The Daily Telegraph

Children eat mostly ‘ultra-processed’ foods

Diet high in biscuits, breakfast cereals and jars of sauce puts the young on a trajectory to obesity

- By Joe Pinkstone Science correspond­ent

ALMOST two thirds of the calories eaten by children in Britain come from “ultra-processed foods”, a study has found.

Examples of ultra-processed foods include chocolates, ice cream, biscuits, packaged bread, breakfast cereals and jars of pasta sauce. Researcher­s from

Imperial College London studied data from more than 9,000 children who grew up near Bristol and were followed from the age of seven to their mid-20s.

Those who ate the most ultra-processed foods throughout childhood and adolescenc­e were found to have a BMI 1.18 points higher than those who ate the least by the age of 24.

They also had 1.53 per cent more body fat and, on average, weighed more than eight pounds more.

Ultra-processed foods are defined by the researcher­s as “food and drink formulatio­ns of multiple substances, mostly of exclusive industrial use (eg high-fructose corn syrup), and are manufactur­ed through a series of complex industrial processes (eg hydrogenat­ion) and often contain cosmetic food additives (eg colours, flavours, emulsifier­s) that disguise any undesirabl­e sensorial properties of the final product”.

Writing in the journal JAMA Paediatric­s, the study authors suggest that eating patterns establishe­d in childhood extend into adulthood, potentiall­y setting children on a lifelong trajectory for obesity and a range of negative physical and mental health outcomes.

Prof Christophe­r Millett, NIHR professor of public health at Imperial College London, said: “Our findings show that an exceptiona­lly high proportion of their diet [65.4 per cent] is made up of ultra-processed foods, with one in five children consuming 78 per cent of their calories from ultra-processed foods.”

Dr Eszter Vamos, senior clinical lecturer in public health medicine at Imperial, said: “Childhood is a critical time when food preference­s and eating habits are formed with long-lasting effects on health.”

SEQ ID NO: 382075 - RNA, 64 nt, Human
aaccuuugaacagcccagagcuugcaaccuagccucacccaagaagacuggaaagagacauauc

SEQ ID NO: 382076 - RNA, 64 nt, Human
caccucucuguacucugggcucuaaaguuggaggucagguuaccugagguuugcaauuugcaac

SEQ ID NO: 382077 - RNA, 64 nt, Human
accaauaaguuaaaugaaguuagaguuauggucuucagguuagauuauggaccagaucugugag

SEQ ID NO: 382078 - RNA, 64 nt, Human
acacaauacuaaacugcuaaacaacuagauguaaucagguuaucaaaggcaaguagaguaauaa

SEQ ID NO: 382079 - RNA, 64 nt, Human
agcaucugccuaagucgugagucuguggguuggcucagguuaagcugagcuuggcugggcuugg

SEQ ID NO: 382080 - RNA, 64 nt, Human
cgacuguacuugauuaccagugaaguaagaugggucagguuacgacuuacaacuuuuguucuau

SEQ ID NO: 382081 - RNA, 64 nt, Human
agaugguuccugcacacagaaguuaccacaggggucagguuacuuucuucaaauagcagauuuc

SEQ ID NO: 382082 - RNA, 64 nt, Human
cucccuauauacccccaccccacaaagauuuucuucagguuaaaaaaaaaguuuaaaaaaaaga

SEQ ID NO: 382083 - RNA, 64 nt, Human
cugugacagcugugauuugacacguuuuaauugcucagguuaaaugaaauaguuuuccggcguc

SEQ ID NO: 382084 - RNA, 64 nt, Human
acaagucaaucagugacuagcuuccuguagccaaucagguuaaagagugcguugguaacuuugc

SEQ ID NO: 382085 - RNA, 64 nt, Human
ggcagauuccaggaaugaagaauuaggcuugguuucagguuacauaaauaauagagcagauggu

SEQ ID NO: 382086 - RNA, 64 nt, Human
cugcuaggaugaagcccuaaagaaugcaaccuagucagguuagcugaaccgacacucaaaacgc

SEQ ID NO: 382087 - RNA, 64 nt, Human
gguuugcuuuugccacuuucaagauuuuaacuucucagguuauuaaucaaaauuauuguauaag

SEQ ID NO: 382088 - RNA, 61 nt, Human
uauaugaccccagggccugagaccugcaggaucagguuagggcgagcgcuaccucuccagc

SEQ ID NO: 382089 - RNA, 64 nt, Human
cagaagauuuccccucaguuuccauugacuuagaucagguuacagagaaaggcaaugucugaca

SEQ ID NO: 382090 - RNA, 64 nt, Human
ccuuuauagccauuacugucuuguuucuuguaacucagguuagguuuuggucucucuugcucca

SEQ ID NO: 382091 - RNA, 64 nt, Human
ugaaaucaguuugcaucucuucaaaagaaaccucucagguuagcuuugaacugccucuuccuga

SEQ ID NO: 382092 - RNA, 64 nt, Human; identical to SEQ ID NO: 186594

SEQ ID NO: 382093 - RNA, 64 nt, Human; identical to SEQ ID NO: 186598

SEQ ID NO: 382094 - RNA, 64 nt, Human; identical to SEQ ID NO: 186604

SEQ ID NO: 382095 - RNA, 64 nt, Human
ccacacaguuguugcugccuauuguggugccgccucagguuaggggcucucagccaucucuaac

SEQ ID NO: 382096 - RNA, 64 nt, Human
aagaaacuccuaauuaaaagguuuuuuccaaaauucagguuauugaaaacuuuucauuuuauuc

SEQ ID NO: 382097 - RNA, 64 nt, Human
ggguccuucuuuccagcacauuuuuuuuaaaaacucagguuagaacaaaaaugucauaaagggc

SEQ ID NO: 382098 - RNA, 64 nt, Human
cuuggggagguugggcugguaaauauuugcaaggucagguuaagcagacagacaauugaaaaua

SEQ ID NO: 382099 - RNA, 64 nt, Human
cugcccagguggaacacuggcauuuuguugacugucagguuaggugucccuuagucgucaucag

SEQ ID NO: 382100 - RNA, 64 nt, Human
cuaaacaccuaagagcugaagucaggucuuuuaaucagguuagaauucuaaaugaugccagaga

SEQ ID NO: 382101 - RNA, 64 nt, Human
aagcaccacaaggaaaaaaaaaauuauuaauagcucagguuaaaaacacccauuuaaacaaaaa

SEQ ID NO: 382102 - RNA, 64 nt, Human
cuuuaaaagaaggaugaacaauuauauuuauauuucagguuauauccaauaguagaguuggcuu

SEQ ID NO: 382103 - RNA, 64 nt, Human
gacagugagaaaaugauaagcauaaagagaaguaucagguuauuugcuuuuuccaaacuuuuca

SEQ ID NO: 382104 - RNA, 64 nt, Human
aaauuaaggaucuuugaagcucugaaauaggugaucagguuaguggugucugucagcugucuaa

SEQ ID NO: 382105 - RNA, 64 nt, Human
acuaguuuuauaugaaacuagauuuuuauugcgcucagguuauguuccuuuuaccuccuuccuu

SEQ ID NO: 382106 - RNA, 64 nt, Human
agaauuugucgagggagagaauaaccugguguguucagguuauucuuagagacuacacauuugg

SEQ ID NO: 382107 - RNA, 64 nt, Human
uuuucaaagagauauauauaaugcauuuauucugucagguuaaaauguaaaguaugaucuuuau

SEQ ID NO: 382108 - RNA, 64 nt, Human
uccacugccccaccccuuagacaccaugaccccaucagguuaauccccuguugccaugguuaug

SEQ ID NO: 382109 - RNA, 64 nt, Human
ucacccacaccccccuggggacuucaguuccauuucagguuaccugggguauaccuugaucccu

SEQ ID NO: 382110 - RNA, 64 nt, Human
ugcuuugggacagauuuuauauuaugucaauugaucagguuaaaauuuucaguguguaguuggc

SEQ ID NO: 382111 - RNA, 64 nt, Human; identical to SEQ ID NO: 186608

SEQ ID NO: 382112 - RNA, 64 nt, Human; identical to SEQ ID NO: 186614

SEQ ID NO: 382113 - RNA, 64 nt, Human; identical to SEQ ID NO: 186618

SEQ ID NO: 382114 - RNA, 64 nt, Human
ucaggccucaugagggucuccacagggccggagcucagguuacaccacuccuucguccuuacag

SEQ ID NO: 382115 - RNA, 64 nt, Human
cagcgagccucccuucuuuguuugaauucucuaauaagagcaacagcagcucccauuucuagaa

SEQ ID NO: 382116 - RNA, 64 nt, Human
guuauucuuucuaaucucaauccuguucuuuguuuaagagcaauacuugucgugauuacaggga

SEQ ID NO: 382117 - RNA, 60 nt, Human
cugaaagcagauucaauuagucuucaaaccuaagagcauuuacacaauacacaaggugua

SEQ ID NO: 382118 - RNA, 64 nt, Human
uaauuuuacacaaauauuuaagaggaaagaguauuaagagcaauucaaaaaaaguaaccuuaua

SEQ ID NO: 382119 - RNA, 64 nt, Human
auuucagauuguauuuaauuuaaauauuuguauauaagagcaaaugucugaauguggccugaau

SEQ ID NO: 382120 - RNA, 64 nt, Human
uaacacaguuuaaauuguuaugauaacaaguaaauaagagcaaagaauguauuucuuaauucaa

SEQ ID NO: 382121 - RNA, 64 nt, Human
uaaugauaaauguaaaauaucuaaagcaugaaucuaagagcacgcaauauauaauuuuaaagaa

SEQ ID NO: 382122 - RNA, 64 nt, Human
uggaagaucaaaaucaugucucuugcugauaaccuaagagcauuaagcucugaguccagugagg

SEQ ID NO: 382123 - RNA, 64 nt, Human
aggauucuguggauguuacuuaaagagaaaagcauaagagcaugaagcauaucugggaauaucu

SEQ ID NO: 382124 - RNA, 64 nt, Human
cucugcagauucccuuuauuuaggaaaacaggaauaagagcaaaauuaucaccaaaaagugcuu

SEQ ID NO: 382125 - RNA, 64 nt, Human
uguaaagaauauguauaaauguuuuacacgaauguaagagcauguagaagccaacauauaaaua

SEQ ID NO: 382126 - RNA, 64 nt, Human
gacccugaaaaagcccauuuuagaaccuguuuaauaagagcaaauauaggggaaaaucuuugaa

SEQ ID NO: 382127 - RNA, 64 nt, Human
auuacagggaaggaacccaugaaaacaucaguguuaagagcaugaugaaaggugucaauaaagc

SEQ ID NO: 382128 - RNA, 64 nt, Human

Industrial food processing sees food modified to change its consistenc­y, taste, colour, shelf life or other attributes through mechanical or chemical alteration.

The researcher­s highlight that a limitation of the study is its observatio­nal nature, and that they are unable to definitive­ly show direct causation between consumptio­n of ultra-processed foods and increases in BMI, body fat and weight.

Prof Gunter Kuhnle, professor of nutrition and food science at University of Reading, who was not involved with the study, said: “The results of this study are not surprising: children who consume a lot of “ultra-processed” foods are most likely to be less healthy and more obese than their peers with lower intake.

“The interpreta­tion of these results are much more difficult. Apart from the limitation­s of the definition of ‘ultraproce­ssed foods’, the outcome of the study is heavily confounded by socioecono­mic factors: children living in more deprived areas and from families with lower educationa­l attainment and lower socio-economic status had the highest intake of ultra-processed foods.

“Unfortunat­ely, these children are also at highest risk of obesity and poor health, as there are still considerab­le health-inequaliti­es in the UK and socioecono­mic status is an important determinan­t of health.”

Dr Duane Mellor, a registered dietitian at Aston University, criticised the methodolog­y of the study.

He said: “Overall, this study risks suggesting that all foods which are processed are bad, whereas this is probably only really the case when they are higher in fat, salt and sugar and lower in fibre.”

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